Since the IL&FS default case, NBFCs (Non-Banking Finance Companies) are facing an acute shortage of funds and cash flow due to a consistent surge in NPAs (Non-Performing Assets) over the years. With persistent hope to bring revival and able to address cash crunch issues, the central bank has announced a fund to the tune of INR 1 lakh crore of TLTRO (Targeted Longer-Term Refinancing Operations).
Amidst COVID-19 pandemic, NBFCs businesses received a setback again due to lockdown. The NBFCs were coming to terms after suffering a lot due to slowing economy, subdued demand, acute dearth of funding and cash flows. Currently, NBFCs companies are on the verge of collapse, with commercial paper worth INR 1.6 lakh crore and non-convertible debentures (NCDs) worth INR 87,000 crore is going to mature by June’2020.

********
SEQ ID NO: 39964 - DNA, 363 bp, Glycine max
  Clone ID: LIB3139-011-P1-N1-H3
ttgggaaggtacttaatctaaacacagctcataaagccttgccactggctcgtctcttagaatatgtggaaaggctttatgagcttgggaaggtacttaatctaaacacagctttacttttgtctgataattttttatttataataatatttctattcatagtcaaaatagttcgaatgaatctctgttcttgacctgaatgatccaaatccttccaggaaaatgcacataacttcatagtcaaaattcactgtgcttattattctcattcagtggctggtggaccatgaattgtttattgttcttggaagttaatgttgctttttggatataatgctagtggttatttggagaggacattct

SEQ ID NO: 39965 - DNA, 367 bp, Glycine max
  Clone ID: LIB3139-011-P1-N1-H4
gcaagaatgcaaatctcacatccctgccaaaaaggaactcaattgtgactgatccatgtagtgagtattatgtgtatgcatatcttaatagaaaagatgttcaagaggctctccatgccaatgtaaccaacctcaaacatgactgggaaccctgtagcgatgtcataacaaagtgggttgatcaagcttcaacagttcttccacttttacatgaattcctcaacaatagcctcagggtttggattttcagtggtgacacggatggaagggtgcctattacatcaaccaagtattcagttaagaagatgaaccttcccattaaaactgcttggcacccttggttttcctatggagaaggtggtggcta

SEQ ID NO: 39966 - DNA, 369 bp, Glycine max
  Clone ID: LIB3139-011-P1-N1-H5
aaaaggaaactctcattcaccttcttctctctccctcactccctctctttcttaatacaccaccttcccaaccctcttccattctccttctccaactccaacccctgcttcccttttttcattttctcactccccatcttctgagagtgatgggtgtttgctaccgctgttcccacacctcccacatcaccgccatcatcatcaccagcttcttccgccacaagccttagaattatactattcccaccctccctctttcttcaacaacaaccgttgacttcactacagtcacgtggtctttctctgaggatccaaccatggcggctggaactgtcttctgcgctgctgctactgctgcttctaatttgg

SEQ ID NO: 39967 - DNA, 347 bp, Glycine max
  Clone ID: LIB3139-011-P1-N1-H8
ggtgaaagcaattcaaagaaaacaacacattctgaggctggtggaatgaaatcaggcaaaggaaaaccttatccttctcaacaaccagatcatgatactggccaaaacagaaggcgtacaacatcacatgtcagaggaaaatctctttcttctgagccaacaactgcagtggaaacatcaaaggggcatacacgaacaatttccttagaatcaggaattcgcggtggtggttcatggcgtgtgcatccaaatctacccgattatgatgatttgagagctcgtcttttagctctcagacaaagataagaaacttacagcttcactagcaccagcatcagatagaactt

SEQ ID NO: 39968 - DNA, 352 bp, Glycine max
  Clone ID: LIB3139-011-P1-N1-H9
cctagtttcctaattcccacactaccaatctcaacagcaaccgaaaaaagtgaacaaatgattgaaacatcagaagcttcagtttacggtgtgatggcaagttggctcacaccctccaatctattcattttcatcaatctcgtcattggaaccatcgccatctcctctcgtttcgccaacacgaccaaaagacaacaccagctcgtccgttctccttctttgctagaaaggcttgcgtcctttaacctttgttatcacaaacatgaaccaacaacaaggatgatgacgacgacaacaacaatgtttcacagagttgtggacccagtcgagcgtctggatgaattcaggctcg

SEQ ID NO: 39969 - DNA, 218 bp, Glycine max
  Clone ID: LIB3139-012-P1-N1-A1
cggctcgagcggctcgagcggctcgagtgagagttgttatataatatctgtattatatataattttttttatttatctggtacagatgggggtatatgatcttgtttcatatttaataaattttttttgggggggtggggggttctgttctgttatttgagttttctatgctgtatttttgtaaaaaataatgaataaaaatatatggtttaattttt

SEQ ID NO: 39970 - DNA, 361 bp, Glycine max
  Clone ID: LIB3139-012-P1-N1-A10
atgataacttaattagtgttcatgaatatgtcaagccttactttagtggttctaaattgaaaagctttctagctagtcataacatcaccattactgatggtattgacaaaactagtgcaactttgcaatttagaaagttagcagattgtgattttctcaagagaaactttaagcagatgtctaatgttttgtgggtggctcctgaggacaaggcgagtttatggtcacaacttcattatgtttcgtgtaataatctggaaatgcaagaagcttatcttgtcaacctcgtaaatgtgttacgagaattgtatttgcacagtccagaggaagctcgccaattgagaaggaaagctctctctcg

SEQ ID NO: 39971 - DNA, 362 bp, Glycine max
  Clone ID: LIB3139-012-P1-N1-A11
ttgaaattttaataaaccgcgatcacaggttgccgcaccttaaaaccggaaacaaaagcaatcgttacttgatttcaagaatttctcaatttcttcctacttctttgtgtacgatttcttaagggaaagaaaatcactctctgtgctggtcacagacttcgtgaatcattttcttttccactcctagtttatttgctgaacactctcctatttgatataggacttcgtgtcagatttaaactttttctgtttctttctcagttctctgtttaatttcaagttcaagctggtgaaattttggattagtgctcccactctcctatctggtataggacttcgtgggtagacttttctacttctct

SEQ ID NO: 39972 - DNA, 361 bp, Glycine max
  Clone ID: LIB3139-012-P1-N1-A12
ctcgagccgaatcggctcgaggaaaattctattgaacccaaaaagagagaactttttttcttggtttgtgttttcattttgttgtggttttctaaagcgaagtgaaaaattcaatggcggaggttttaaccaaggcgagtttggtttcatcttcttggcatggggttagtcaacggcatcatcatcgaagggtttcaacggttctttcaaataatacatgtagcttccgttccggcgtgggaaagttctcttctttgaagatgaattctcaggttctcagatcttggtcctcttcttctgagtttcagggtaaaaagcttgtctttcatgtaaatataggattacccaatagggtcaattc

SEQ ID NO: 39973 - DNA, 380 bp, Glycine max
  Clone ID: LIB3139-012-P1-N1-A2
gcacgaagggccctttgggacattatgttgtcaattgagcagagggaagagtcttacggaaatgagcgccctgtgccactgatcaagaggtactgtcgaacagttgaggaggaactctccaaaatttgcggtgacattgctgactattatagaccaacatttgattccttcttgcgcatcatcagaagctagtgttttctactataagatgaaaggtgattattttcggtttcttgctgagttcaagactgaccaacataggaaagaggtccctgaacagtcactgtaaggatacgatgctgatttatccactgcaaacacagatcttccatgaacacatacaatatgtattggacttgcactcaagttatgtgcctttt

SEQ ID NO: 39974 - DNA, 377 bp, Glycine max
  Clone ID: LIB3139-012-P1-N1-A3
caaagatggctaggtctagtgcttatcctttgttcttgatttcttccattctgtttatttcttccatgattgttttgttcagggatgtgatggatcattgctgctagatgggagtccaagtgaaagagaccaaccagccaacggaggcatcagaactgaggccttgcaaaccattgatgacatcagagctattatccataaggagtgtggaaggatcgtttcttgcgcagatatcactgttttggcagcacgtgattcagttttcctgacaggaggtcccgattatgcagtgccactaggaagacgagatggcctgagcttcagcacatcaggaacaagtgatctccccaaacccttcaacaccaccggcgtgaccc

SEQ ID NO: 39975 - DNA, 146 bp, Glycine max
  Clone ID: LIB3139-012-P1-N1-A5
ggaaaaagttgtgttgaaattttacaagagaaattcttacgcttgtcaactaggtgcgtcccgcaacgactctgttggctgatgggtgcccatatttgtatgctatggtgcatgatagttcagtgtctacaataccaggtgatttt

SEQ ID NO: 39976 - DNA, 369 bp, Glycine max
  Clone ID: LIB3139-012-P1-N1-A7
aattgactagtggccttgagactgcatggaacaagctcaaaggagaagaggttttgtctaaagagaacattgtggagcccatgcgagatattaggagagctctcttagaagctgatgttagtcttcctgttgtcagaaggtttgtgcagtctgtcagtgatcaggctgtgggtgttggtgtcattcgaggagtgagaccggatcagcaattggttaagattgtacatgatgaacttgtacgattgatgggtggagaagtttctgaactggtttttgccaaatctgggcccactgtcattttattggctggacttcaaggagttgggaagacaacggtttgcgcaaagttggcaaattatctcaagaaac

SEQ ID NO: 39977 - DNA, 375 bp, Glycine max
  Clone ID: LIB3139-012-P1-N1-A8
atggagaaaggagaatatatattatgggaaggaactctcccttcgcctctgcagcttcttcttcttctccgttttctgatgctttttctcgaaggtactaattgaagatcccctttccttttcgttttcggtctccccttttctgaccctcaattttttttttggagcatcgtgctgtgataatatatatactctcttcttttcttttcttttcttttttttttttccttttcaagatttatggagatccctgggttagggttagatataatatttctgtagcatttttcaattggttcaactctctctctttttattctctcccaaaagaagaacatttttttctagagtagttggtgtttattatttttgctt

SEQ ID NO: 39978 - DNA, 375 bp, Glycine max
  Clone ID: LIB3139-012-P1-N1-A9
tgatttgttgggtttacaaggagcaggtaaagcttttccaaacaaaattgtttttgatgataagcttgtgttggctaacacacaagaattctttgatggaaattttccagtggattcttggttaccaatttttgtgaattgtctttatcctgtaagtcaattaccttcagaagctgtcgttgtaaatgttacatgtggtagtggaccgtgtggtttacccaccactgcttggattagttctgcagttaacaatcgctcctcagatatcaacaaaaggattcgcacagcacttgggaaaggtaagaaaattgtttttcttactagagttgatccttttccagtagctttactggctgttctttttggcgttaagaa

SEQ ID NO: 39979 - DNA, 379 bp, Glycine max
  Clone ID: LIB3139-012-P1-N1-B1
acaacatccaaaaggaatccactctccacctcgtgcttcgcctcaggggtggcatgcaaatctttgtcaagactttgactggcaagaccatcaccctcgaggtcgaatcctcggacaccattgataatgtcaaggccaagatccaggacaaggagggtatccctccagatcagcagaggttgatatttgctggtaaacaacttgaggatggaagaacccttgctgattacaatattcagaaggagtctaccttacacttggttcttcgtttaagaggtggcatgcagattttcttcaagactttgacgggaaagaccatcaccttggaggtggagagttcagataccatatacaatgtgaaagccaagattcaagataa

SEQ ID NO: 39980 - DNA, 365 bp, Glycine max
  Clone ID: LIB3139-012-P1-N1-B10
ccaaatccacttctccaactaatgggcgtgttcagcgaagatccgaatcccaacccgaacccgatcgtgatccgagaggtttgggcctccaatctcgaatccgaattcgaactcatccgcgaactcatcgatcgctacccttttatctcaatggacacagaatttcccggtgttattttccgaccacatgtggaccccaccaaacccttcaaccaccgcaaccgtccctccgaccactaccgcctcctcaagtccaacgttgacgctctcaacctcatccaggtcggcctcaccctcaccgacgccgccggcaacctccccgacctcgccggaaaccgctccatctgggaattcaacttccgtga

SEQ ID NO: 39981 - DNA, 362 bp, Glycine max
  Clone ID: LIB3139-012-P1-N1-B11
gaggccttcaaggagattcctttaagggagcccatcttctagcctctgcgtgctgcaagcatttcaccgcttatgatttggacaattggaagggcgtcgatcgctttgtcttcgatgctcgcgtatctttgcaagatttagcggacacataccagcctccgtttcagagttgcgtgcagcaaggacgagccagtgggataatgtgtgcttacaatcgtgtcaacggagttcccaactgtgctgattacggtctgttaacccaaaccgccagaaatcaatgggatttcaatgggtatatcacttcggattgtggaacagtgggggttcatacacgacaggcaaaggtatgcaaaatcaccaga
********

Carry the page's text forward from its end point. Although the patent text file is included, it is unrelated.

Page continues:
According to Acuité Ratings & Research Report, the combined debt repayment along with interest for top 11 NBFCs in the coming June quarter is estimated at INR 40,000 – INR 60,000 crore, whereas cash reserves were gauged at INR 45,000 and refinancing needed to the tune of INR 10,000 – INR 20,000 crore.
The recent announcement of INR 1 lakh crore TLTRO by RBI (Reserve Bank of India) can serve as a breather for large NBFCs who are most likely to be benefitted from it, while others are likely to face a cash crunch. On the other hand, small and medium-sized NBFCs are at risk of disruption caused by coronavirus pandemic.
The funds accorded under the TLTRO window will have to be mobilized in investment-grade corporate bonds and commercial papers.
To counter the severity in NBFCs business due to COVID-19 outbreak, companies have appealed to RBI to direct banks to extend the benefit of the three-month moratorium. Time will tell whether the NBFCs can paint a better future for themselves or slip into oblivion.